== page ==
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Table of Contents

1. Therapeutic drug monitoring
1.1. Intellectual Property in Discovery
1.2. Targeted drug discovery: Receptor based approaches
1.3. Invitro and invivo testing of new compounds
1.4. Lead optimisation
1.5. Natural Products and Herbal Medicines
2. Medicines Regulation
2.1. General Principles of Medicines Regulation
2.2. Medicines Regulation in the UK
2.3. Medicines Regulation in EU
2.4. The European Medicines Agency and Heads of Medicine Agency
2.5. European Directorate for the Quality of Medicines and Healthcare, the European Pharmacopoeia and the British Pharmacopoeia
2.6. Food and Drug Administration
2.7. Health Canada
2.8. Medicines Regulation in Australia/NZ
2.9. Medicines Regulation in Japan
2.10. Medicines Regulation in China
2.11. Medical Devices Regulation
2.12. Clinical Trials Regulation
2.13. Good Clinical Practice
2.14. Good Laboratory Practice
2.15. Good Manufacturing Practice
2.16. Ethics Committee (European Union)
2.17. Institutional Review Board (US)
2.18. Marketing Authorisation Applications and updating and maintaining Licences
2.19. International Conference on Harmonisation
2.20. Common Technical Document
2.21. Medicinal Product Information in the EU
2.22. Summary of Product Characteristics
2.23. Orphan Drugs
2.24. Paediatric Investigational Plan
2.25. Regulatory Requirements for Pharmacovigilance
2.26. Overview of Reporting of Adverse Drug Reactions
2.27. Non-prescription Drugs
2.28. Provision of Unlicensed Medicines
2.29. Reclassification Of Drugs
2.30. Parallel imports
3. Clinical Pharmacology
3.1. ADME
3.2. Volume of distribution, clearance, half-life
3.3. Pre-clinical aspects of pharmacokinetics
3.4. Non-clinical data
3.5. Clinical aspects of pharmacokinetics
3.6. Dose Response Relationship
3.7. Proof of concept studies
3.8. Reproductive Toxicity Studies
3.9. Immunotoxicity studies
3.10. Carcinogenicity
3.11. Genotoxicity testing
3.12. Local Tolerance
3.13. Acute Toxicity
3.14. Studies - objectives, design, conduct and analysis
3.15. Populations for exploratory studies and planning of exploratory studies
3.16. Pharmacodynamic endpoints
3.17. Bioequivalence
3.18. Evaluation of safety and tolerability
3.19. Hypersensitivity reactions
3.20. Drug-drug interactions
3.21. Ethics in Research: Basic principles, Declaration of Helsinki and CIOMS
3.22. Disease Models
3.23. Biomarkers
3.24. Pharmacogenetics
3.25. Population Pharmacokinetics
3.26. Small molecules and biologicals - safety / pharmacology requirements
4. Clinical Development
4.1. Requirements for licensing and new medicinal product
4.2. Regulatory Guidance
4.3. General principles of clinical trial protocols
4.4. Clinical Study Design
4.5. Adaptive trial designs
4.6. Informed consent
4.7. Data Protection
4.8. Indemnity and compensation
4.9. Investigators Brochure
4.10. Organisation of project teams / project planning
4.11. Contractual arrangements with research sites and Contract Research Organisations
4.12. Case Report Form (CRF)
4.13. Budgeting and cost control
4.14. Expanded access programs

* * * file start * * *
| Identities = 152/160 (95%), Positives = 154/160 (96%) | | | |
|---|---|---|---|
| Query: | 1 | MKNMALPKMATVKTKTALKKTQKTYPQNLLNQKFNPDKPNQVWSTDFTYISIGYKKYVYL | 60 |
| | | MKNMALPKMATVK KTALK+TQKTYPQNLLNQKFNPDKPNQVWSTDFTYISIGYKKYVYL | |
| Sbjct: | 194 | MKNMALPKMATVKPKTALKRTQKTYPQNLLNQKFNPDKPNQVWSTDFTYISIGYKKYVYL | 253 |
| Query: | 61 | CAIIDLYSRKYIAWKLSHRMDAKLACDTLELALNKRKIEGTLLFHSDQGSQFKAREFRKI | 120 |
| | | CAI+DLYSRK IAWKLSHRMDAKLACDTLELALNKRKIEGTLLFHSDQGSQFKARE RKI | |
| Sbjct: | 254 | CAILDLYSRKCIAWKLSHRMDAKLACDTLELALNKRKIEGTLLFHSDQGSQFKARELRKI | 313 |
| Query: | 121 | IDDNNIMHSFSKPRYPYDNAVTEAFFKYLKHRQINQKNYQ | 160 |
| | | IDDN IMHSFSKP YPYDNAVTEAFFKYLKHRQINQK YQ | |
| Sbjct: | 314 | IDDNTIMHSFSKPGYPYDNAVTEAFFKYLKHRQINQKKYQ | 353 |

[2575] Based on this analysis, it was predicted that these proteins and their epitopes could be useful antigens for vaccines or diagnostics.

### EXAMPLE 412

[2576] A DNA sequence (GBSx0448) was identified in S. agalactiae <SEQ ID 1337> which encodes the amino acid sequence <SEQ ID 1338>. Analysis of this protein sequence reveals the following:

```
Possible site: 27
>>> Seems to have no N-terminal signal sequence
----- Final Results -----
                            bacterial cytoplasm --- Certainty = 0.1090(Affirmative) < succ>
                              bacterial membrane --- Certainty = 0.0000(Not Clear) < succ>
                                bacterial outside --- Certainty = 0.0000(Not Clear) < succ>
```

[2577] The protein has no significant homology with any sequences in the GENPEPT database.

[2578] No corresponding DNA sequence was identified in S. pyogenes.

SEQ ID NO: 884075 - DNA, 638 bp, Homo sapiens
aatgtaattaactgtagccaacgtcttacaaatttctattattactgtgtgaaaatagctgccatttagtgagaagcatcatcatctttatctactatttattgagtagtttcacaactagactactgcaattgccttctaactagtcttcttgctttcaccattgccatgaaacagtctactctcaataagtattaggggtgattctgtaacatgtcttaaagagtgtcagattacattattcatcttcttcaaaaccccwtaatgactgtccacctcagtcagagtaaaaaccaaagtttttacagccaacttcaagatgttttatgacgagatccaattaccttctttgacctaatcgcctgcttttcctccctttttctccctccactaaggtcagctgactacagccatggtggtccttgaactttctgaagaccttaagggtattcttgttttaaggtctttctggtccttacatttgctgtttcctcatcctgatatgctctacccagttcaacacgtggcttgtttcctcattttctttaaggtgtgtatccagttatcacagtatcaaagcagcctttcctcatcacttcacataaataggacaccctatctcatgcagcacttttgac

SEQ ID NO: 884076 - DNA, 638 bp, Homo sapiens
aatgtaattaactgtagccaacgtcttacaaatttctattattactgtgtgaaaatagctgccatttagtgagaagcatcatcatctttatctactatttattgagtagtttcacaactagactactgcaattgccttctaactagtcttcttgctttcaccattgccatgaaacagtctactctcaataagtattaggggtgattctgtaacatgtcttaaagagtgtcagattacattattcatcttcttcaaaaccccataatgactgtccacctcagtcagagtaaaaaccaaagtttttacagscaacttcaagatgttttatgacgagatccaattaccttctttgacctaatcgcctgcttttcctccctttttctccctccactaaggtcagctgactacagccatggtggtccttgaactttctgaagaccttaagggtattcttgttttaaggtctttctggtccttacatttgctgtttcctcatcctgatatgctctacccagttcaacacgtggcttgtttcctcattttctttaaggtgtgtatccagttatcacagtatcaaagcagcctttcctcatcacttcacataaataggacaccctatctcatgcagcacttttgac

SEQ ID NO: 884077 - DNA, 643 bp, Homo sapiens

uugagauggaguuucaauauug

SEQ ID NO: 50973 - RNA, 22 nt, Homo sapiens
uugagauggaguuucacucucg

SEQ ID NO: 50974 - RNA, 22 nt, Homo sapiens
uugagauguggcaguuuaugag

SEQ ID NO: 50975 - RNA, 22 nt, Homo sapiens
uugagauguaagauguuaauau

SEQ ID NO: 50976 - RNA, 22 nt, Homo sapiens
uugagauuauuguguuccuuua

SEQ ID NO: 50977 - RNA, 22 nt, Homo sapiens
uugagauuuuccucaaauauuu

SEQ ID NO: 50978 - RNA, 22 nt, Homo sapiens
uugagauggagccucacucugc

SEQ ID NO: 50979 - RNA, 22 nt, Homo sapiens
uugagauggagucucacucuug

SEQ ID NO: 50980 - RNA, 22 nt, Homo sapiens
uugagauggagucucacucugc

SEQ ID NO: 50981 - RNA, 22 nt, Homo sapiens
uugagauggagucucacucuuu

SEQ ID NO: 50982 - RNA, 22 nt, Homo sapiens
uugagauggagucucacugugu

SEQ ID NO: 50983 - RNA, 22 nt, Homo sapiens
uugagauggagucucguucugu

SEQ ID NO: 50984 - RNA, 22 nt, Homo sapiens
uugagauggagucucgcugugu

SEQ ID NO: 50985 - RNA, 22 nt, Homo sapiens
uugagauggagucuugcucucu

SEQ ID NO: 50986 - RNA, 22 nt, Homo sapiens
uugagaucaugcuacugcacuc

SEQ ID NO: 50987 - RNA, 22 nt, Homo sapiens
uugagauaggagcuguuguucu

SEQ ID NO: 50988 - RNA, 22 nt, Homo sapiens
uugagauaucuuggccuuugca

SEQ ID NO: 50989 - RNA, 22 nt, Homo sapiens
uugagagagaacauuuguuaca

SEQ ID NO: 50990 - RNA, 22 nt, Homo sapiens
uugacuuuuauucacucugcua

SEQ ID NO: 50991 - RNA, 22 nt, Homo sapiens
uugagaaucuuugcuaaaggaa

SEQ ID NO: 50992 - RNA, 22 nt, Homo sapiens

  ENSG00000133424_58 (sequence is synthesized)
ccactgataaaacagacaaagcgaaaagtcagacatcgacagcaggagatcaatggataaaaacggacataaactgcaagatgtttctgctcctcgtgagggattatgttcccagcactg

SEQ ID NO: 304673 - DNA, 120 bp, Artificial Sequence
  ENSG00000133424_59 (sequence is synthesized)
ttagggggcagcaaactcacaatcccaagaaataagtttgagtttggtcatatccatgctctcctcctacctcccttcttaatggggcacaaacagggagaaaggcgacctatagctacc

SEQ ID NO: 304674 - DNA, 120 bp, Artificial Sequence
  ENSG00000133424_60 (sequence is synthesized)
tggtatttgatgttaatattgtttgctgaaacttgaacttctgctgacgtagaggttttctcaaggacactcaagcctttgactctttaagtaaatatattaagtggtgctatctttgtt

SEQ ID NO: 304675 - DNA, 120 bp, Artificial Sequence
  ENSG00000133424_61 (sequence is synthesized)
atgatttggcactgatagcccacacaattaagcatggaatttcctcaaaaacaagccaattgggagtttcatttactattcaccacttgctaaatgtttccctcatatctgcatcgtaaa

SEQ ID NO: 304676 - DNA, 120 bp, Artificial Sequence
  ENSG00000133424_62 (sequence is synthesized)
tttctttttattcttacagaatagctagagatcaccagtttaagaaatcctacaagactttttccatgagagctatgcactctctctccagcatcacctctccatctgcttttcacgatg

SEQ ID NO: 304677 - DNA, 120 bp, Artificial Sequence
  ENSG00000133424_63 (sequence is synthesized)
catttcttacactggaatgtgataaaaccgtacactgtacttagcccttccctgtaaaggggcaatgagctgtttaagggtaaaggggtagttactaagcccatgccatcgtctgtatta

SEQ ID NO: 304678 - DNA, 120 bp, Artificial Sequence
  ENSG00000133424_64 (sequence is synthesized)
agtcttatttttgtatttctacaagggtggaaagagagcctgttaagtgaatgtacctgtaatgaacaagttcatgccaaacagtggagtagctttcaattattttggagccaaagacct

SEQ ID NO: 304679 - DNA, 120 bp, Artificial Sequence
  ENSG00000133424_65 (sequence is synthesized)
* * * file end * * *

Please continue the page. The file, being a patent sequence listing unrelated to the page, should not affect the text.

4.15. Study master file preparation
4.16. Target product profile
5. Statistics and Data management
5.1. Determining the sample size in a clinical trial
5.2. Sensitivity and Specificity
5.3. Significance testing
5.4. Type I and Type II error
5.5. Confidence intervals
5.6. Minimising Bias
5.7. Paired and Unpaired t-test
5.8. Parametric and non parametric tests
5.9. Patient Reported Outcomes
5.10. Health Related Quality of life (HRQL)
5.11. Clinical Interpretation of Trial Results
5.12. Clinical Study Report
5.13. Issues with making trial results available
5.14. Interim Analysis
5.15. Data Management
5.16. Within-Trial Data Management
6. Drug Safety and Pharmacovigilance
6.1. Regulatory Requirements for Pharmacovigilance 6.1
6.2. Key pharmacovigilance regulations in the EU
6.3. Volume 9A
6.4. Periodic Safety Update Reports
6.5. Benefit Risk Assessment
6.6. Pharmacoepidemiological Safety Data
6.7. Product Suspension and Withdrawal & Defective Medicines
6.8. Safety Signal
6.9. Spontaneous Reporting
6.10. Post Authorisation Safety Studies (PASS)
6.11. Dear Healthcare Professional Communication
6.12. Issues and crisis management
6.13. Adverse Events in Clinical Trials
6.14. Risk Management
7. Healthcare Marketplace
7.1. Marketing Medicines: The drug Lifecycle
7.2. FCPA and Bribery act
7.3. Product life cycle management
7.4. Ethical marketing of medicines
7.5. World Health Organisation (WHO) Ethical Criteria for Medicinal Drug Promotional
7.6. Co-marketing
7.7. Inlicensing
7.8. The Association of British Pharmaceutical Industries (ABPI)
7.9. The ABPI Code of Practice
7.10. PhRMA
7.11. IFPMA code of practice
7.12. The European Federation of Pharmaceutical Industries and Associations (EFPIA)
7.13. Medicines Australia
7.14. The National Institute for Health and Clinical Excellence (NICE)
7.15. The Scottish Intercollegiate Guidelines Network (SIGN)
7.16. IQWIG
7.17. Health Economics
7.18. Quality adjusted life years
7.19. Pharmacoepidemiology
7.20. Branded generics
7.21. Intellectual property
7.22. Product liability and compensation
8. Therapeutics
8.1. Medicines for Children
8.2. Medicines in pregnancy
8.3. Medicines in the elderly
8.4. Medicines for patients with hepatic impairment
8.5. Medicines for patients with renal impairment
8.6. Principles of Risk Benefit
8.7. Therapeutic drug monitoring